G: (gallery） This solo exhibit was organized in relation with Echigo-Tsumari Art Triennale 2018, showcasing the very snow of Echigo-Tsumari area. What was the starting point to use “snow” or “snowplow” as artistic motif?
K: (Kaneuji) I visited Echigo-Tsumari in fall 2017 for the first time. I was then impressed to know that the area has been suffering from heavy snow, hearing about the geological, meteorological or historical characteristic of the area. They told me that the world will be completely different between summer and winter. My first visit was in October without snow, however, I found colossal snowplows just standing with such an overwhelming presence as well as impact! It was a strange feeling of some flying or floating sense in the vacant space, which opened the world of SF of mine own.
Caption: Huge snowplows
G: That was the core of your concept to represent snowplows as well as snow-scape in the midsummer without snow. You exhibit a series of huge snowplows in Tsumari work while you put smaller snowplow for family use in Art Front Gallery.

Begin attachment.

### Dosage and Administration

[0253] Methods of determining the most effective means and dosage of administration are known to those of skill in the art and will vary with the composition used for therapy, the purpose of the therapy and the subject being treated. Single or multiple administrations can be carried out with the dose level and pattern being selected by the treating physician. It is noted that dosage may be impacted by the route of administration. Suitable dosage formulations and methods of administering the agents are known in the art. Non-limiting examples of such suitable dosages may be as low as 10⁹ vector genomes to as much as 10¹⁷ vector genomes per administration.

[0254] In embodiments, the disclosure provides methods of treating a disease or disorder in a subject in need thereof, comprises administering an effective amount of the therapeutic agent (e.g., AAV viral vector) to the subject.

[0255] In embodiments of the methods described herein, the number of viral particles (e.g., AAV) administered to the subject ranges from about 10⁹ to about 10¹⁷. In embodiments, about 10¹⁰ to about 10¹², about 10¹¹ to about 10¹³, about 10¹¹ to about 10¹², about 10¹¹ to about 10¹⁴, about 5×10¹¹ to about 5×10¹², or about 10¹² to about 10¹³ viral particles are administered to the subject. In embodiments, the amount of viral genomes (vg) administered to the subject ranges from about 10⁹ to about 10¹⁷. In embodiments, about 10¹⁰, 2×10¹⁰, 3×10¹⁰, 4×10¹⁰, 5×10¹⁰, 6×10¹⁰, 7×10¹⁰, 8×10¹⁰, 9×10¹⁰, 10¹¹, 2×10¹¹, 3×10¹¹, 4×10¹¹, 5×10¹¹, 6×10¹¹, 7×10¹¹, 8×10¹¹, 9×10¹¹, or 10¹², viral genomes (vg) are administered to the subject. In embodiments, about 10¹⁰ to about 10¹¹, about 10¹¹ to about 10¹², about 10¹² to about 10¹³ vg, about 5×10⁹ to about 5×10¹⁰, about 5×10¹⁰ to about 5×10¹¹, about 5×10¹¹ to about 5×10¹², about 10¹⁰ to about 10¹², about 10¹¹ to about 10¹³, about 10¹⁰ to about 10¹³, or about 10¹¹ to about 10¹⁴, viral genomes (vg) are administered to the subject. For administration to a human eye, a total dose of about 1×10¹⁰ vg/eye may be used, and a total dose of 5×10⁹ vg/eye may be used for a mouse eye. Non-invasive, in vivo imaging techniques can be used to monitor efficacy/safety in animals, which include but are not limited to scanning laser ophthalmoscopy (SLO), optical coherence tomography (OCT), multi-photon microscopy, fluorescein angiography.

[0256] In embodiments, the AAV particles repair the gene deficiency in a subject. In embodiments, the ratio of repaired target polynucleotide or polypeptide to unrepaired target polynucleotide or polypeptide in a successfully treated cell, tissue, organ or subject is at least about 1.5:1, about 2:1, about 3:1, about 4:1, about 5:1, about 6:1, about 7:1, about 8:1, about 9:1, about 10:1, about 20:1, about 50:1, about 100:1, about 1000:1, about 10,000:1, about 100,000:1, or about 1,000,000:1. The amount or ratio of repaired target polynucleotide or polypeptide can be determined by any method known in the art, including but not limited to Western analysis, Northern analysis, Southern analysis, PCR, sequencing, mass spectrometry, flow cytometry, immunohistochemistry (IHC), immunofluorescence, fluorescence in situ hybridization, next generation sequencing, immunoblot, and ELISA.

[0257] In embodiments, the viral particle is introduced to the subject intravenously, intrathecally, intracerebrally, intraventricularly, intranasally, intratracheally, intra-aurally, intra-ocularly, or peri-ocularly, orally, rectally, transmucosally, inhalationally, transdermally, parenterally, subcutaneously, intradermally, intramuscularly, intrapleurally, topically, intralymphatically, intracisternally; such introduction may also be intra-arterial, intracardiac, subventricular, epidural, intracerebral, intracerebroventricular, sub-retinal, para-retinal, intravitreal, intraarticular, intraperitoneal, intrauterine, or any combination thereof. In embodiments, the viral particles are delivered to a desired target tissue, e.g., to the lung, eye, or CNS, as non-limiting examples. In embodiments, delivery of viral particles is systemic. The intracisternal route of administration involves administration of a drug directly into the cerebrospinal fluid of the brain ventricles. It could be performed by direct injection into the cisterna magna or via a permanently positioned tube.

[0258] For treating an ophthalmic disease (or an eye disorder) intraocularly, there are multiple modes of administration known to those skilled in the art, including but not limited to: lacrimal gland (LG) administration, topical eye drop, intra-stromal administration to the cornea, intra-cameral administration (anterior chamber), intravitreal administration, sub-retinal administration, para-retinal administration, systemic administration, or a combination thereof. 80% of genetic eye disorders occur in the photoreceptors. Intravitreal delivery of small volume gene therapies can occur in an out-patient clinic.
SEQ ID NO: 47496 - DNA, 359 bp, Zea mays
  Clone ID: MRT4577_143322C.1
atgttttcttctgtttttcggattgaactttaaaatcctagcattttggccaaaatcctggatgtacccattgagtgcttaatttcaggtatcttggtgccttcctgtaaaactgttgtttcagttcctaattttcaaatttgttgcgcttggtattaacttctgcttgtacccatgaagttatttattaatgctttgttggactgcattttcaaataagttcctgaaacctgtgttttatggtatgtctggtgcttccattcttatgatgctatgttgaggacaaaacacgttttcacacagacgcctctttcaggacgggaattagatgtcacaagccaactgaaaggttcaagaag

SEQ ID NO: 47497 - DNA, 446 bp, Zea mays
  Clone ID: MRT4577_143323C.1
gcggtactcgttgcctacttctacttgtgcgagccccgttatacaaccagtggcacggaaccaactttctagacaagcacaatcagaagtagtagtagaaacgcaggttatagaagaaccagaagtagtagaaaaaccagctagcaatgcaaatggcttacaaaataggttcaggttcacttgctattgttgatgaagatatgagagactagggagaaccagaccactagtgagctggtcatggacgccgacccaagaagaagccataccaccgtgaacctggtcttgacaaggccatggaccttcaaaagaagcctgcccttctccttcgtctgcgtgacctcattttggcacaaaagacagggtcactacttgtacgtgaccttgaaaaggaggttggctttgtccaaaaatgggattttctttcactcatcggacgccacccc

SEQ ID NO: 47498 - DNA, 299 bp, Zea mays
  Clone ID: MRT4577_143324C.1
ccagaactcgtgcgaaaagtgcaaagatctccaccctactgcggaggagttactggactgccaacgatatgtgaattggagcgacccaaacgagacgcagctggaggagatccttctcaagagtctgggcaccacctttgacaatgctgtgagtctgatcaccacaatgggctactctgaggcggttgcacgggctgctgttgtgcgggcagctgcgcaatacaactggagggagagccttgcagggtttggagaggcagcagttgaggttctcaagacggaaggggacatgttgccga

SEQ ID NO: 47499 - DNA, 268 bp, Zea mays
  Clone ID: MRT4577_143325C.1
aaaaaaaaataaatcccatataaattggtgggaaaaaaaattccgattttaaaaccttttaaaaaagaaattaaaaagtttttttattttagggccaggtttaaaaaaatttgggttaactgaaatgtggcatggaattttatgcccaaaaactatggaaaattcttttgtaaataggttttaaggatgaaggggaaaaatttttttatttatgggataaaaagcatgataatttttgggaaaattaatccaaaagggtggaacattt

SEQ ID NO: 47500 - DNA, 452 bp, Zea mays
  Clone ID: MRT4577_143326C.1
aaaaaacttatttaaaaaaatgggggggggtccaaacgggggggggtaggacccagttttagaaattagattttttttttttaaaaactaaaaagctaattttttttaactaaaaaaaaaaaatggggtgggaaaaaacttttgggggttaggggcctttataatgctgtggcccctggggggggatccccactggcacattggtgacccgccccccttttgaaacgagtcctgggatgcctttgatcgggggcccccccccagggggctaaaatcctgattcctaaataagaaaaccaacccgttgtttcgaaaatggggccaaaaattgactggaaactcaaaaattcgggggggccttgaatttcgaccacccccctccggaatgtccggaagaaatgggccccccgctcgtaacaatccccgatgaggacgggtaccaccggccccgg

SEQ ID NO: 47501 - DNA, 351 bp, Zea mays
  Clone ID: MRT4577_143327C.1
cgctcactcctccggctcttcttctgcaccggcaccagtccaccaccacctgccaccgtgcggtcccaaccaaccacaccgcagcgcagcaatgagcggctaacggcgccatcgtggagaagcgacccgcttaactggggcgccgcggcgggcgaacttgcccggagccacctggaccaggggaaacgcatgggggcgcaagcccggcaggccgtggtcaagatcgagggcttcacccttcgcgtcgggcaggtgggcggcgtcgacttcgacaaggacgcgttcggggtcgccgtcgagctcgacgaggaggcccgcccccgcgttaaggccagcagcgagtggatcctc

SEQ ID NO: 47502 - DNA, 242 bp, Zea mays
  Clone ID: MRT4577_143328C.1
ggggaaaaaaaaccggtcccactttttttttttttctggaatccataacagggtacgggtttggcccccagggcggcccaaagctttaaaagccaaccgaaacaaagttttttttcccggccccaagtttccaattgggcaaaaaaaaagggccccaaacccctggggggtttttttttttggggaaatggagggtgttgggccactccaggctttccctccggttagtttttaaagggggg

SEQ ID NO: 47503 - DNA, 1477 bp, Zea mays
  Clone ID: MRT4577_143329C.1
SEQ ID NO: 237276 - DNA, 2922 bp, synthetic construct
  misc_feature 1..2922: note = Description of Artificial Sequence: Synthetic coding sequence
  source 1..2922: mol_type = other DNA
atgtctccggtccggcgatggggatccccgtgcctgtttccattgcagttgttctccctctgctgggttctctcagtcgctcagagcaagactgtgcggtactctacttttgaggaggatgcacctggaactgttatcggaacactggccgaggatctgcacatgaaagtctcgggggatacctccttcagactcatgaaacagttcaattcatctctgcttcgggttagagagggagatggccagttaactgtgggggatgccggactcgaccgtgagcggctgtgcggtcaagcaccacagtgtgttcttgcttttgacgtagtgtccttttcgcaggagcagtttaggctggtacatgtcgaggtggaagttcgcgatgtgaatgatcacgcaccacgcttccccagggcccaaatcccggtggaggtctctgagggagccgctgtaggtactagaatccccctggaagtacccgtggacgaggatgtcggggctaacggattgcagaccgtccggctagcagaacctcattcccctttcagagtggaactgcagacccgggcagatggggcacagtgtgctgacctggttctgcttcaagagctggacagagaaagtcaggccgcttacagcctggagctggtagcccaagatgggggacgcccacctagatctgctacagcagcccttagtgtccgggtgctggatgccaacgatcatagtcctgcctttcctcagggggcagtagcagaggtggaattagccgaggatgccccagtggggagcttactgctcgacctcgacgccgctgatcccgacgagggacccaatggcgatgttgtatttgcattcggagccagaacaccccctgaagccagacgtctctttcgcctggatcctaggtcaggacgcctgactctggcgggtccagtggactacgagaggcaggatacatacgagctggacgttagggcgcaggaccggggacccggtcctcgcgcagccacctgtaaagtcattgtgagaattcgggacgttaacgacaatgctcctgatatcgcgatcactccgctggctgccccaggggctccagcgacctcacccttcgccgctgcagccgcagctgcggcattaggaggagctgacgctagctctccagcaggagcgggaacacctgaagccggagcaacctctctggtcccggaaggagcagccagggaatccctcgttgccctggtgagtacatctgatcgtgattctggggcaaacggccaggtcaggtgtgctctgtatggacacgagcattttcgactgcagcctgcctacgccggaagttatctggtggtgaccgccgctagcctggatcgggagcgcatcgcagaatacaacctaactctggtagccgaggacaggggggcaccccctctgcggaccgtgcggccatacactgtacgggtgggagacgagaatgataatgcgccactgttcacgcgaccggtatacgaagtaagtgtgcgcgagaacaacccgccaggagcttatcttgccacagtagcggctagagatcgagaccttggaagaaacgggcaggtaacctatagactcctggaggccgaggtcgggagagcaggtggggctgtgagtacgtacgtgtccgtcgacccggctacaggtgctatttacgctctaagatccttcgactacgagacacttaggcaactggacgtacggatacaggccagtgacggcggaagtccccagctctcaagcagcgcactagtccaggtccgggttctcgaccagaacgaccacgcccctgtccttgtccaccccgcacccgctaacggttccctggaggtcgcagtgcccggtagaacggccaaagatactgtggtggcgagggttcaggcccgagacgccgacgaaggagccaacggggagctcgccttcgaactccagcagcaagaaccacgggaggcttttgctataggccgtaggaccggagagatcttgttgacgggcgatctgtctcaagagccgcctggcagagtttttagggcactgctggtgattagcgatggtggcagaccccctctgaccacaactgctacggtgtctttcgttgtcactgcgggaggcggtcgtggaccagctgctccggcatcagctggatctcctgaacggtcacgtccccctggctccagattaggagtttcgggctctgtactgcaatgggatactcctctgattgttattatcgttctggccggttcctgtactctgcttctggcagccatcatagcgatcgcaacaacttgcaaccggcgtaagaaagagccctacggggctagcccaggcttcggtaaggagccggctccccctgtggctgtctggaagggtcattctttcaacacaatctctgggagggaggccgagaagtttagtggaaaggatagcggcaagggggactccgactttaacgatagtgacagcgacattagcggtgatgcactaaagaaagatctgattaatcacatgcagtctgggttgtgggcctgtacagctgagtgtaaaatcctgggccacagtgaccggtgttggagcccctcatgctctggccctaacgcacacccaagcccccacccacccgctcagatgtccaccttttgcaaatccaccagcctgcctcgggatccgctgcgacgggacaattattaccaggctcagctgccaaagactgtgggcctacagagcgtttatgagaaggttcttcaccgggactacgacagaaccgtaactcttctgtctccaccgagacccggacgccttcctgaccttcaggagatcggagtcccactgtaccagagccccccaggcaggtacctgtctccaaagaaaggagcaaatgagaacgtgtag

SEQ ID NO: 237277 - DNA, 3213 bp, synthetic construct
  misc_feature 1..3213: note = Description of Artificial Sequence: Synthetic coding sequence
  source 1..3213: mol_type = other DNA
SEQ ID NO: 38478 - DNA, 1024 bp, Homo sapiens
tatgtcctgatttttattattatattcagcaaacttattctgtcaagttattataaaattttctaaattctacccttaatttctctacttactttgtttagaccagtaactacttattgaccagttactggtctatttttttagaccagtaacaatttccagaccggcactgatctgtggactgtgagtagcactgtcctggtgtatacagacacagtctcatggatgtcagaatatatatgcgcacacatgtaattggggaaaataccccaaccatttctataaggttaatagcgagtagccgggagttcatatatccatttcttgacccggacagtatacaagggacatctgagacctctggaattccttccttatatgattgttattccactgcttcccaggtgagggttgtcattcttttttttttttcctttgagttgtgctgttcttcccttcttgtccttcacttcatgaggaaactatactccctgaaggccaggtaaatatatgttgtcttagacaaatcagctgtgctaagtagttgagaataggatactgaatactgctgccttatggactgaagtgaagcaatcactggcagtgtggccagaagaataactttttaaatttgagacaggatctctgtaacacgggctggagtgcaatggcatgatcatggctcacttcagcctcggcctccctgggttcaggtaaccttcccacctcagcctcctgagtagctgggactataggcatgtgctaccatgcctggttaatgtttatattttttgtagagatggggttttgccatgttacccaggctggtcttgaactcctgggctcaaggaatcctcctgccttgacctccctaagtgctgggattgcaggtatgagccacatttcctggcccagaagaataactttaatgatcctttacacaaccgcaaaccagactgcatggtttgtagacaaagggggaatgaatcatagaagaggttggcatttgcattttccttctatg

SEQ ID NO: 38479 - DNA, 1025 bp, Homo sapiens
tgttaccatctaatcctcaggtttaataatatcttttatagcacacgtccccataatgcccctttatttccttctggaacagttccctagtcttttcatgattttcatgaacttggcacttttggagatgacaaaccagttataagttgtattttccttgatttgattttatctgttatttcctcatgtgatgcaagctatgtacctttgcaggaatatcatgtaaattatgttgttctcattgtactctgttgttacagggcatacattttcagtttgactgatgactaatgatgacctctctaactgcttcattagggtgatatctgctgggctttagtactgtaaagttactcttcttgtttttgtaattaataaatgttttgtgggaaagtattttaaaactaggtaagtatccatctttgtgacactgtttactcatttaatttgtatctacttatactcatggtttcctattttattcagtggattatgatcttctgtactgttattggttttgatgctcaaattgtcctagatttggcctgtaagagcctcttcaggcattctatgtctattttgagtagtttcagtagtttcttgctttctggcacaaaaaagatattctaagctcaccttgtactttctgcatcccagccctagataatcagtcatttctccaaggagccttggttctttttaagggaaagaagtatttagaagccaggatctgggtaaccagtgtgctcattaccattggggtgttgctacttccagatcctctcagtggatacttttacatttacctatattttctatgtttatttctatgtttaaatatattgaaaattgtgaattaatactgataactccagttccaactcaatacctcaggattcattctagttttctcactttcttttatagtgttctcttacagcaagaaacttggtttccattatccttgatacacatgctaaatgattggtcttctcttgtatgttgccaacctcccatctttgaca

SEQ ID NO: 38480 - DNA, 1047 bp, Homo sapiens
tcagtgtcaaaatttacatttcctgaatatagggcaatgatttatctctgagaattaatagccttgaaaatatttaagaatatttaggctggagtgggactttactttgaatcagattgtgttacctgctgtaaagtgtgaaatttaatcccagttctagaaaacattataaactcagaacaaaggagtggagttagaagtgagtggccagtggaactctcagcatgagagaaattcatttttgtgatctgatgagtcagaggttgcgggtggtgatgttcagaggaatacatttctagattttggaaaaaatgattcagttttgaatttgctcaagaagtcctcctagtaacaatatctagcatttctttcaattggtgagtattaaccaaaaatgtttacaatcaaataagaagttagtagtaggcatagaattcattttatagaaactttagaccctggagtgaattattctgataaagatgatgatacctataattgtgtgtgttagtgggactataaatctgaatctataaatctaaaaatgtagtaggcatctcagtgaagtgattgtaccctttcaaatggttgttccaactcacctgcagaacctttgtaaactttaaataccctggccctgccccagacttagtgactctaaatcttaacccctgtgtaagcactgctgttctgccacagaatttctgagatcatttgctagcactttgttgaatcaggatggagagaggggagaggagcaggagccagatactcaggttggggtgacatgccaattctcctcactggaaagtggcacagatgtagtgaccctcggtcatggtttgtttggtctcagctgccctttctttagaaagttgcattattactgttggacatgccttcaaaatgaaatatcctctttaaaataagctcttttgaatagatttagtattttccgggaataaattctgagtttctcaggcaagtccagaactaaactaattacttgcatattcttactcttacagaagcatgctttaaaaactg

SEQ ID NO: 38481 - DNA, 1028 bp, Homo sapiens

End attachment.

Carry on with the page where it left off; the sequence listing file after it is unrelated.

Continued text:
K: First, I thought of showing simply snowplows parked in the warehouse. In order to elaborate the fictional state of the scene, I added the imagery of video, photo, sound or lighting all integrating as installation. That will, I believe, encourage the viewers to imagine during summer time the winter time far from the present situation. They will also imagine the far place of Echigo in exhibit of the gallery in Daikanyama.
Caption: Small sized snowplow used in the farm of the locals
G: Did you visit Tsumari again in heavy snow of February for research of video, sound and photos?
K: That time I was with Masamitsu Araki, sound artist, and with Takuya Matsumi, video artist. We focused on shooting the activity of snowplows closing up the snow blew out or focusing some “traces” of snowplow such as the snow wall or snow mountain created by snowplows.
Caption: Scene of research (Kaneuji on the left)
G: During the research for recording the activity of snowplows, did you have any impressive anecdote?
K: Honestly, we could not shoot the active snowplows at first, there was not much snow falling in February. As soon as we caught the information of snowplow working, we rushed to follow their activity! What interested me on the other hand was the snow mound created artificially. They are rather dirty grey mound, as you see in these photos or video, had been produced in the parking area of shopping center to pool the eliminated snow. They were giving a presence, outcome of the battle between men and colossal natural phenomenon showcasing a form of collaboration of men and nature at the same time. This product impressed me most.
Caption: Artificial huge snow mound
G: You have collaged comic images on photo work. How did you conceive this idea?